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Published by: pavika on Apr 18, 2011
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IT was the tenth day of the battle. Keeping
Sikhandin in front of him, Arjuna attacked
Bhishma. When Sikhandin's darts pierced
his breast, sparks flew from the grandsire's
For a moment the old warrior's anger rose
like flaming fire and his eyes glared as if
to consume Sikhandin. But, at once, the
grandsire restrained himself.
He decided not to be provoked into
fighting Sikhandin, who was born a
woman and to strike whom it seemed
unworthy of a warrior.
He knew, however, his end was near and
calmed himself. Sikhandin went on
discharging his arrows, not minding the
battle of emotions in his opponent's mind.
Arjuna also steeled his heart, and from
behind Sikhandin aimed arrows at the
weak points in Bhishma's armor, even
while the grandsire stood still.
Bhishma smiled as the arrows continued
to come down thick on him, and turning to
Duhsasana, said: "Ah, these are Arjuna's
arrows! These cannot be Sikhandin's, for
they burn my flesh as the crab's young
ones tear their mother's body."
Thus did the grandsire look upon his dear
pupil's arrows and, while saying this to
Duhsasana, he took up a javelin and

hurled it at Arjuna. Arjuna met it with
three arrows which cut it to pieces even
as it was speeding through the air.
Bhishma then decided to end the combat
and made as if to dismount from his
chariot, sword and shield in hand. But
before he could do so, his shield was cut
to pieces by Arjuna's arrows.
With arrows sticking all over his body so
thickly that there was not even an inch of
intervening space, Bhishma fell headlong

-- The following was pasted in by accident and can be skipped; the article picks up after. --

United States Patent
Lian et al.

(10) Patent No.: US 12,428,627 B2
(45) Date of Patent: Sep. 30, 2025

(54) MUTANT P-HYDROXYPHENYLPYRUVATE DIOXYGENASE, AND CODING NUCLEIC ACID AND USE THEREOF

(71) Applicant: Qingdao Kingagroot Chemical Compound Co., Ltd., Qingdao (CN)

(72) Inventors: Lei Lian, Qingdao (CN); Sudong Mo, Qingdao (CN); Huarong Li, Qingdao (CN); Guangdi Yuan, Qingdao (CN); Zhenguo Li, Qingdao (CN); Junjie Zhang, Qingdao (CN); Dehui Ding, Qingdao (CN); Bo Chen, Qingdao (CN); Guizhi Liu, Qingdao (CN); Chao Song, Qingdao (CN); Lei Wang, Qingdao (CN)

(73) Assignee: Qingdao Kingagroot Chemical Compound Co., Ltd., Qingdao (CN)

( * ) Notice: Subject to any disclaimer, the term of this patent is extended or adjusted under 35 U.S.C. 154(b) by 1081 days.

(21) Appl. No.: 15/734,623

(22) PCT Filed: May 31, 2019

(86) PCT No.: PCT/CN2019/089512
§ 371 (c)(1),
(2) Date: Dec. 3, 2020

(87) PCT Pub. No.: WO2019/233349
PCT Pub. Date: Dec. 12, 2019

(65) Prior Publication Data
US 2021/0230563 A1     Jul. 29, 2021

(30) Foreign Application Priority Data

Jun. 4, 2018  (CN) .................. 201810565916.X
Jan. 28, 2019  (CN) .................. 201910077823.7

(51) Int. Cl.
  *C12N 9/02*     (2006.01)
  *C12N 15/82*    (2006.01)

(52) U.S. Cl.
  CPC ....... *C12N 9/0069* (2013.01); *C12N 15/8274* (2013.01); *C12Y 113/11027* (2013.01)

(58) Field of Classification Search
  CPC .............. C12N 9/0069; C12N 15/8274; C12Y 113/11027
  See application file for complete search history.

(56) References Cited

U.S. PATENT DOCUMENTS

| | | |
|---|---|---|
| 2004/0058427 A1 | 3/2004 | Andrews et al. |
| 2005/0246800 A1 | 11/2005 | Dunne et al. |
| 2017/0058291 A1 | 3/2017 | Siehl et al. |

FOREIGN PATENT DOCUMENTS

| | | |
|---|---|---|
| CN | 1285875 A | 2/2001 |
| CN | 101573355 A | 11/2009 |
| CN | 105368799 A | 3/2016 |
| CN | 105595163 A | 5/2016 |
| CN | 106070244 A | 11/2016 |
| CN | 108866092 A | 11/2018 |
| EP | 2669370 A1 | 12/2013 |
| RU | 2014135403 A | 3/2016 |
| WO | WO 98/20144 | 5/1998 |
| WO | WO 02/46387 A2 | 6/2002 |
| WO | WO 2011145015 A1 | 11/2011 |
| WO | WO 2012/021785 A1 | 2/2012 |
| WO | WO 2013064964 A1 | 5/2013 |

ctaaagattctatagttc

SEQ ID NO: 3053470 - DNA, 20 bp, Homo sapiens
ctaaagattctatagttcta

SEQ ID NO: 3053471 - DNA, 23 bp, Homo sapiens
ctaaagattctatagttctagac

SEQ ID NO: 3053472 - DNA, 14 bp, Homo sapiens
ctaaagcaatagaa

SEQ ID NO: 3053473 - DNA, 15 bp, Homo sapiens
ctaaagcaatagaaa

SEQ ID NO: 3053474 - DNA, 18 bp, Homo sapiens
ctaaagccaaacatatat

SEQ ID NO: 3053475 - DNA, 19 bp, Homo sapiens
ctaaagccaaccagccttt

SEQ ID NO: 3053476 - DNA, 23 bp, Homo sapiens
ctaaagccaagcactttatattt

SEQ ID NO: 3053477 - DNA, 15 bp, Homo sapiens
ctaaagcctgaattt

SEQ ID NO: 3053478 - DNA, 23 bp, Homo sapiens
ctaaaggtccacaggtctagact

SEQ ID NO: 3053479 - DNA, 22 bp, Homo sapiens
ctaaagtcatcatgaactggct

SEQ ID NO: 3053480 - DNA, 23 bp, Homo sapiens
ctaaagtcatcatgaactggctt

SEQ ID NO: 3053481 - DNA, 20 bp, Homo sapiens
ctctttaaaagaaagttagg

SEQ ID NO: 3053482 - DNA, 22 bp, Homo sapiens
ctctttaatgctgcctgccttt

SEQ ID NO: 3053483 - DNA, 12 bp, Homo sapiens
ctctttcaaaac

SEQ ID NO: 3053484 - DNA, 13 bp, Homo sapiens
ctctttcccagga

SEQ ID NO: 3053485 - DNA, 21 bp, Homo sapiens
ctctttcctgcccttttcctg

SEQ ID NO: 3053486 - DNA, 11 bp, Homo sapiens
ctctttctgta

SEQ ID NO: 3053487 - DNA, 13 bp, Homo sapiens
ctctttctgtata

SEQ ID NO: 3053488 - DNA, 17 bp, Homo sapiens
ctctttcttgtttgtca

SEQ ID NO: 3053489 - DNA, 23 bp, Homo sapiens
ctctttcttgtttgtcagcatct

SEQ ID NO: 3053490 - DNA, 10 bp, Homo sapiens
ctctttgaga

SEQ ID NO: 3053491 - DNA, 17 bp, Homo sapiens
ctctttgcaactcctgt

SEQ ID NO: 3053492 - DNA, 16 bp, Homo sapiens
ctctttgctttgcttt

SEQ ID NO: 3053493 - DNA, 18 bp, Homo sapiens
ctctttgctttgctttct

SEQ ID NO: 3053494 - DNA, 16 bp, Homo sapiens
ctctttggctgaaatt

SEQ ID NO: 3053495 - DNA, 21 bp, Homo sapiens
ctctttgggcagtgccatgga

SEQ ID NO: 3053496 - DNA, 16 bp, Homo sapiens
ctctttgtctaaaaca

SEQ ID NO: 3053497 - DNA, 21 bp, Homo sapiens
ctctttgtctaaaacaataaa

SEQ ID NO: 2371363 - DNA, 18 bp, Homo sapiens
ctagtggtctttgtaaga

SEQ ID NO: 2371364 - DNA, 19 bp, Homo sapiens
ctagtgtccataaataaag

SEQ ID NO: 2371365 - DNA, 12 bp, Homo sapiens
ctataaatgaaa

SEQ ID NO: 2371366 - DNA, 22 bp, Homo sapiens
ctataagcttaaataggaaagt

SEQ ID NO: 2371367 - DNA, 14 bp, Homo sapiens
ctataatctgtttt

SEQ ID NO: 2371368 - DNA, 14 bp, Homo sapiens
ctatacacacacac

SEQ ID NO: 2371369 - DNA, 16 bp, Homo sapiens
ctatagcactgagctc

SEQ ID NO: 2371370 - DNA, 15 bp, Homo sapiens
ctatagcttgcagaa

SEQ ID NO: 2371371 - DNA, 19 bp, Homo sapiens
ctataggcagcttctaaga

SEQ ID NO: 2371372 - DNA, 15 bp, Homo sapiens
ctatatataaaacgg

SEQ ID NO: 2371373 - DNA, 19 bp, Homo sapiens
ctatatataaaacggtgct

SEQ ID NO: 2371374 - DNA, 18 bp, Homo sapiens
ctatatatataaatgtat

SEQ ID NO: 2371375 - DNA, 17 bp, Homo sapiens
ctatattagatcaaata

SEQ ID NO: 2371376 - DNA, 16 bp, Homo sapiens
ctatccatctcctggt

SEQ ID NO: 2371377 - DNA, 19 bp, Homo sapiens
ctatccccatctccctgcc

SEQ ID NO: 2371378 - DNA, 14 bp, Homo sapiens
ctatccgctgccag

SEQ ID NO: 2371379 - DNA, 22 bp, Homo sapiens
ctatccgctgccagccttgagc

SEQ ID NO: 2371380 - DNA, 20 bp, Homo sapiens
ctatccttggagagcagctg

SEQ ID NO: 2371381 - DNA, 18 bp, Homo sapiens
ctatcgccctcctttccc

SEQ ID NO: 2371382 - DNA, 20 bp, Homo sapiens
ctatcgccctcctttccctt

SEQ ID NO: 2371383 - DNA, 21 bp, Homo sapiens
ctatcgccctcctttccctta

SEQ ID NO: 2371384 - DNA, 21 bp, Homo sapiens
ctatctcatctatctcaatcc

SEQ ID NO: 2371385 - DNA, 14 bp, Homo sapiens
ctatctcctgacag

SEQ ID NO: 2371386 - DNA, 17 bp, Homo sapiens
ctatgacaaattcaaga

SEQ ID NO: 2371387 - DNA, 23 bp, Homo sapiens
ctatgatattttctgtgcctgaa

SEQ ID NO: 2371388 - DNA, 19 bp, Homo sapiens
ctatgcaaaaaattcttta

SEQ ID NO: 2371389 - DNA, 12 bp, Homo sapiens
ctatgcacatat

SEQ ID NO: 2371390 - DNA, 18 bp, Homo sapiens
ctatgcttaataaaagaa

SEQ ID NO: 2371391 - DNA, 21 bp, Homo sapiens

to the ground from his chariot.
As he fell, the gods, who looked on from
above, folded their hands in reverent
salutation and a gentle breeze, laden with
fragrance and cool raindrops, swept over
the battlefield.
Thus fell the great and good Bhishma, the
son of Ganga, who came on earth to
hallow it and all it bears.
The blameless hero who, unasked, made
the great renunciation to give joy to his
father. The undefeated bowman who had
humbled the pride of Rama of the axe.
The selfless worker for righteousness'
sake, thus repaid his debt to Duryodhana,
and lay wounded to death sanctifying with
his life-blood the battlefield. As the
grandsire fell, the hearts of the Kauravas
also fell along with him.
Bhishma's body did not touch the ground,
on account of the arrows sticking out all
over his body. His body shone more
brightly than ever before, as it lay as on a
bed of honor, supported by the shafts that
had pierced his flesh.
Both armies ceased fighting and all the
warriors came running and crowded round
the great hero, who lay on his bed of
arrows. The kings of the earth stood with
bowed heads round him, as the gods
round Brahma.
"My head hangs down unsupported," said
the grandsire. The princes who stood near,
ran and brought cushions. The old warrior
rejected them with a smile and, turning

towards Arjuna said: "Dear son Partha,
give me a cushion befitting a warrior."
When Arjuna, whose arrows were just
then burning the grandsire's flesh, heard
those words addressed to him, he took
three arrows from out of his quiver and so
placed them that the grandsire's head
found support on their points.
"Princes," said Bhishma addressing the
assembled chiefs, "Arjuna's arrows were
indeed what my head required to be
supported on. This pillow gives me
satisfaction. Now, I must lie thus until the
sun turns north. My soul will not depart
till then. When I pass away, those of you
who may be alive then may come and see
Then the grandsire turned again to Arjuna
and said: "I am tormented with thirst. Get
me some drinking water." At once, Arjuna
raised his bow, and drawing, it to the ear,
shot a shaft down into the earth near the
grandsire on his right side.
Upon the opening made by the arrow,
there gushed a stream of pure sweet water
to the very lips of the dying man. Ganga
came up, says the poet, to quench her dear
son's burning thirst. Bhishma drank and
was happy.
"Duryodhana, may you be wise!" said
Bhishma, addressing the Kaurava prince.
"Did you see how Arjuna brought me
water to quench my thirst? Who else in
this world can do such a deed? Make
peace with him without further delay.
May the war cease with my exit. Listen to
me, son, make peace with the Pandavas."
The grandsire's words did not please
Duryodhana. Even when dying, the
patient does not like medicine. He objects
to the bitter taste. All the princes retired to
their camps.

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